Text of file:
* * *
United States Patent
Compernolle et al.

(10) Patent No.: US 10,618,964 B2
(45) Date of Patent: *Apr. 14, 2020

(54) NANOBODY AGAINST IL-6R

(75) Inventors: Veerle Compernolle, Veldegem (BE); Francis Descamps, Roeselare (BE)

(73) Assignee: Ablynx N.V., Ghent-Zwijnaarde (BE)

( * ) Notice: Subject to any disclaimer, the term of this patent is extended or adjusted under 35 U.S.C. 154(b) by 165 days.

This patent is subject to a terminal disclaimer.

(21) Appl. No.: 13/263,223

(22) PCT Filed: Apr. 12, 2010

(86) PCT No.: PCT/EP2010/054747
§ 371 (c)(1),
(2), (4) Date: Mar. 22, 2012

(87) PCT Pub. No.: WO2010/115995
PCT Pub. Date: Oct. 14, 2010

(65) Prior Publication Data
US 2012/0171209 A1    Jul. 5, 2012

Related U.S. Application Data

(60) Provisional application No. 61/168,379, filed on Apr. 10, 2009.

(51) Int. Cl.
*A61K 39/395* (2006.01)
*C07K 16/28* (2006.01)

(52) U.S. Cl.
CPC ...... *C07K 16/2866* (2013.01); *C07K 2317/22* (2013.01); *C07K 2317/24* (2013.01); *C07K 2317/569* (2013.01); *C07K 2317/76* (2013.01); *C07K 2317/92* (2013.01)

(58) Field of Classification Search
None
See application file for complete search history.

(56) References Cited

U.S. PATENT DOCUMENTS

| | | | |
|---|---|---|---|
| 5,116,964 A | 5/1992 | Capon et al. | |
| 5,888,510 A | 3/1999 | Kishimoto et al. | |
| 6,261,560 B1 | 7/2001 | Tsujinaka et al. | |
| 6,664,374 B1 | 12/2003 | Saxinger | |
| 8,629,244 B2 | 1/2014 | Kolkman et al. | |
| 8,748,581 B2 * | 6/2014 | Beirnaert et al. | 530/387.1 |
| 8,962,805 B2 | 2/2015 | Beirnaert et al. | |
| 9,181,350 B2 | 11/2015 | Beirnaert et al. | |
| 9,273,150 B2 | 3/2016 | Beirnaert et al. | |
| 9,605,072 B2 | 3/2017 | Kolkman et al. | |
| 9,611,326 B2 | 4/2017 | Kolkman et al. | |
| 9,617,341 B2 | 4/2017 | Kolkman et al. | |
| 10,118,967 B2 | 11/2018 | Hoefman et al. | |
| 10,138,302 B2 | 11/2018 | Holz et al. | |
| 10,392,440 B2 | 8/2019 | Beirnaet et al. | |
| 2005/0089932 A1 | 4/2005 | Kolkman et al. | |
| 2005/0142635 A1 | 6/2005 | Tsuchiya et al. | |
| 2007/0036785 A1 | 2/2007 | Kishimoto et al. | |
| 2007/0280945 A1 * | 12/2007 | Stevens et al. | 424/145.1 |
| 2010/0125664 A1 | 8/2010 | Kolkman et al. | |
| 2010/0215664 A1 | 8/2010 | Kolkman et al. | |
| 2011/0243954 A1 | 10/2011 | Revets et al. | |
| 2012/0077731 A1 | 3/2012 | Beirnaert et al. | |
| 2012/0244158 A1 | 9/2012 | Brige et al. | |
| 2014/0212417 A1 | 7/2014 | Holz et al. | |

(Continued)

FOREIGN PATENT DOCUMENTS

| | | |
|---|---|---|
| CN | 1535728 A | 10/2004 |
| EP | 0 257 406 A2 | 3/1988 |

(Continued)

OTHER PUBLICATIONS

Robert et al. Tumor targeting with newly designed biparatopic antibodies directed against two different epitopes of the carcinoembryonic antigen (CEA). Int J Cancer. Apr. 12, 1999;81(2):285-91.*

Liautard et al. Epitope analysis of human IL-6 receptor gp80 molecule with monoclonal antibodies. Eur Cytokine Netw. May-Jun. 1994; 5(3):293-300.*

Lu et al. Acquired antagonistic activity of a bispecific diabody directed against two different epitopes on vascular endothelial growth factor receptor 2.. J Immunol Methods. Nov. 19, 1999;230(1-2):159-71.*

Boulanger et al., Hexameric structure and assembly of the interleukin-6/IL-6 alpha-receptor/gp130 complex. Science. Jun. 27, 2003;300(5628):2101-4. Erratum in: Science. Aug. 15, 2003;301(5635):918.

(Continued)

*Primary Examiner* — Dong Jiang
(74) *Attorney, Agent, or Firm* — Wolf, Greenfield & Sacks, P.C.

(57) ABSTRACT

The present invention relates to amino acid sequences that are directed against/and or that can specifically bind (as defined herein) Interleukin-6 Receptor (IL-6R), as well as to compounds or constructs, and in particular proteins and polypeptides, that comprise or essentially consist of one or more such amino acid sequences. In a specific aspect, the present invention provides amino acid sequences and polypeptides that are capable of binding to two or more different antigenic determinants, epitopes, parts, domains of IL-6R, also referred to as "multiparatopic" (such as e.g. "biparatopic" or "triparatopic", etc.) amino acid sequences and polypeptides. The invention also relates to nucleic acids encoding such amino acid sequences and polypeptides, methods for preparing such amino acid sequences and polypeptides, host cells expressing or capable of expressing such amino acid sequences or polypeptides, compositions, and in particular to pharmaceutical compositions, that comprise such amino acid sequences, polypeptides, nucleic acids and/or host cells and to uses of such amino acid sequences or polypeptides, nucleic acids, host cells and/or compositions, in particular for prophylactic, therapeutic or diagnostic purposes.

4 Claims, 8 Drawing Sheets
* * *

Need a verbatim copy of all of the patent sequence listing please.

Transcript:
United States Patent
Compernolle et al.

(10) Patent No.: US 10,618,964 B2
(45) Date of Patent: *Apr. 14, 2020

(54) NANOBODY AGAINST IL-6R

(75) Inventors: Veerle Compernolle, Veldegem (BE); Francis Descamps, Roeselare (BE)

(73) Assignee: Ablynx N.V., Ghent-Zwijnaarde (BE)

( * ) Notice: Subject to any disclaimer, the term of this patent is extended or adjusted under 35 U.S.C. 154(b) by 165 days.

This patent is subject to a terminal disclaimer.

(21) Appl. No.: 13/263,223

(22) PCT Filed: Apr. 12, 2010

(86) PCT No.: PCT/EP2010/054747
§ 371 (c)(1),
(2), (4) Date: Mar. 22, 2012

(87) PCT Pub. No.: WO2010/115995
PCT Pub. Date: Oct. 14, 2010

(65) Prior Publication Data
US 2012/0171209 A1    Jul. 5, 2012

Related U.S. Application Data

(60) Provisional application No. 61/168,379, filed on Apr. 10, 2009.

(51) Int. Cl.
*A61K 39/395* (2006.01)
*C07K 16/28* (2006.01)

(52) U.S. Cl.
CPC ...... *C07K 16/2866* (2013.01); *C07K 2317/22* (2013.01); *C07K 2317/24* (2013.01); *C07K 2317/569* (2013.01); *C07K 2317/76* (2013.01); *C07K 2317/92* (2013.01)

(58) Field of Classification Search
None
See application file for complete search history.

(56) References Cited

U.S. PATENT DOCUMENTS

| | | | |
|---|---|---|---|
| 5,116,964 A | 5/1992 | Capon et al. | |
| 5,888,510 A | 3/1999 | Kishimoto et al. | |
| 6,261,560 B1 | 7/2001 | Tsujinaka et al. | |
| 6,664,374 B1 | 12/2003 | Saxinger | |
| 8,629,244 B2 | 1/2014 | Kolkman et al. | |
| 8,748,581 B2 * | 6/2014 | Beirnaert et al. | 530/387.1 |
| 8,962,805 B2 | 2/2015 | Beirnaert et al. | |
| 9,181,350 B2 | 11/2015 | Beirnaert et al. | |
| 9,273,150 B2 | 3/2016 | Beirnaert et al. | |
| 9,605,072 B2 | 3/2017 | Kolkman et al. | |
| 9,611,326 B2 | 4/2017 | Kolkman et al. | |
| 9,617,341 B2 | 4/2017 | Kolkman et al. | |
| 10,118,967 B2 | 11/2018 | Hoefman et al. | |
| 10,138,302 B2 | 11/2018 | Holz et al. | |
| 10,392,440 B2 | 8/2019 | Beirnaet et al. | |
| 2005/0089932 A1 | 4/2005 | Kolkman et al. | |
| 2005/0142635 A1 | 6/2005 | Tsuchiya et al. | |
| 2007/0036785 A1 | 2/2007 | Kishimoto et al. | |
| 2007/0280945 A1 * | 12/2007 | Stevens et al. | 424/145.1 |
| 2010/0125664 A1 | 8/2010 | Kolkman et al. | |
| 2010/0215664 A1 | 8/2010 | Kolkman et al. | |
| 2011/0243954 A1 | 10/2011 | Revets et al. | |
| 2012/0077731 A1 | 3/2012 | Beirnaert et al. | |
| 2012/0244158 A1 | 9/2012 | Brige et al. | |
| 2014/0212417 A1 | 7/2014 | Holz et al. | |

(Continued)

FOREIGN PATENT DOCUMENTS

| | | |
|---|---|---|
| CN | 1535728 A | 10/2004 |
| EP | 0 257 406 A2 | 3/1988 |

(Continued)

OTHER PUBLICATIONS

Robert et al. Tumor targeting with newly designed biparatopic antibodies directed against two different epitopes of the carcinoembryonic antigen (CEA). Int J Cancer. Apr. 12, 1999;81(2):285-91.*

Liautard et al. Epitope analysis of human IL-6 receptor gp80 molecule with monoclonal antibodies. Eur Cytokine Netw. May-Jun. 1994; 5(3):293-300.*

Lu et al. Acquired antagonistic activity of a bispecific diabody directed against two different epitopes on vascular endothelial growth factor receptor 2.. J Immunol Methods. Nov. 19, 1999;230(1-2):159-71.*

Boulanger et al., Hexameric structure and assembly of the interleukin-6/IL-6 alpha-receptor/gp130 complex. Science. Jun. 27, 2003;300(5628):2101-4. Erratum in: Science. Aug. 15, 2003;301(5635):918.

(Continued)

*Primary Examiner* — Dong Jiang
(74) *Attorney, Agent, or Firm* — Wolf, Greenfield & Sacks, P.C.

(57) ABSTRACT

The present invention relates to amino acid sequences that are directed against/and or that can specifically bind (as defined herein) Interleukin-6 Receptor (IL-6R), as well as to compounds or constructs, and in particular proteins and polypeptides, that comprise or essentially consist of one or more such amino acid sequences. In a specific aspect, the present invention provides amino acid sequences and polypeptides that are capable of binding to two or more different antigenic determinants, epitopes, parts, domains of IL-6R, also referred to as "multiparatopic" (such as e.g. "biparatopic" or "triparatopic", etc.) amino acid sequences and polypeptides. The invention also relates to nucleic acids encoding such amino acid sequences and polypeptides, methods for preparing such amino acid sequences and polypeptides, host cells expressing or capable of expressing such amino acid sequences or polypeptides, compositions, and in particular to pharmaceutical compositions, that comprise such amino acid sequences, polypeptides, nucleic acids and/or host cells and to uses of such amino acid sequences or polypeptides, nucleic acids, host cells and/or compositions, in particular for prophylactic, therapeutic or diagnostic purposes.

4 Claims, 8 Drawing Sheets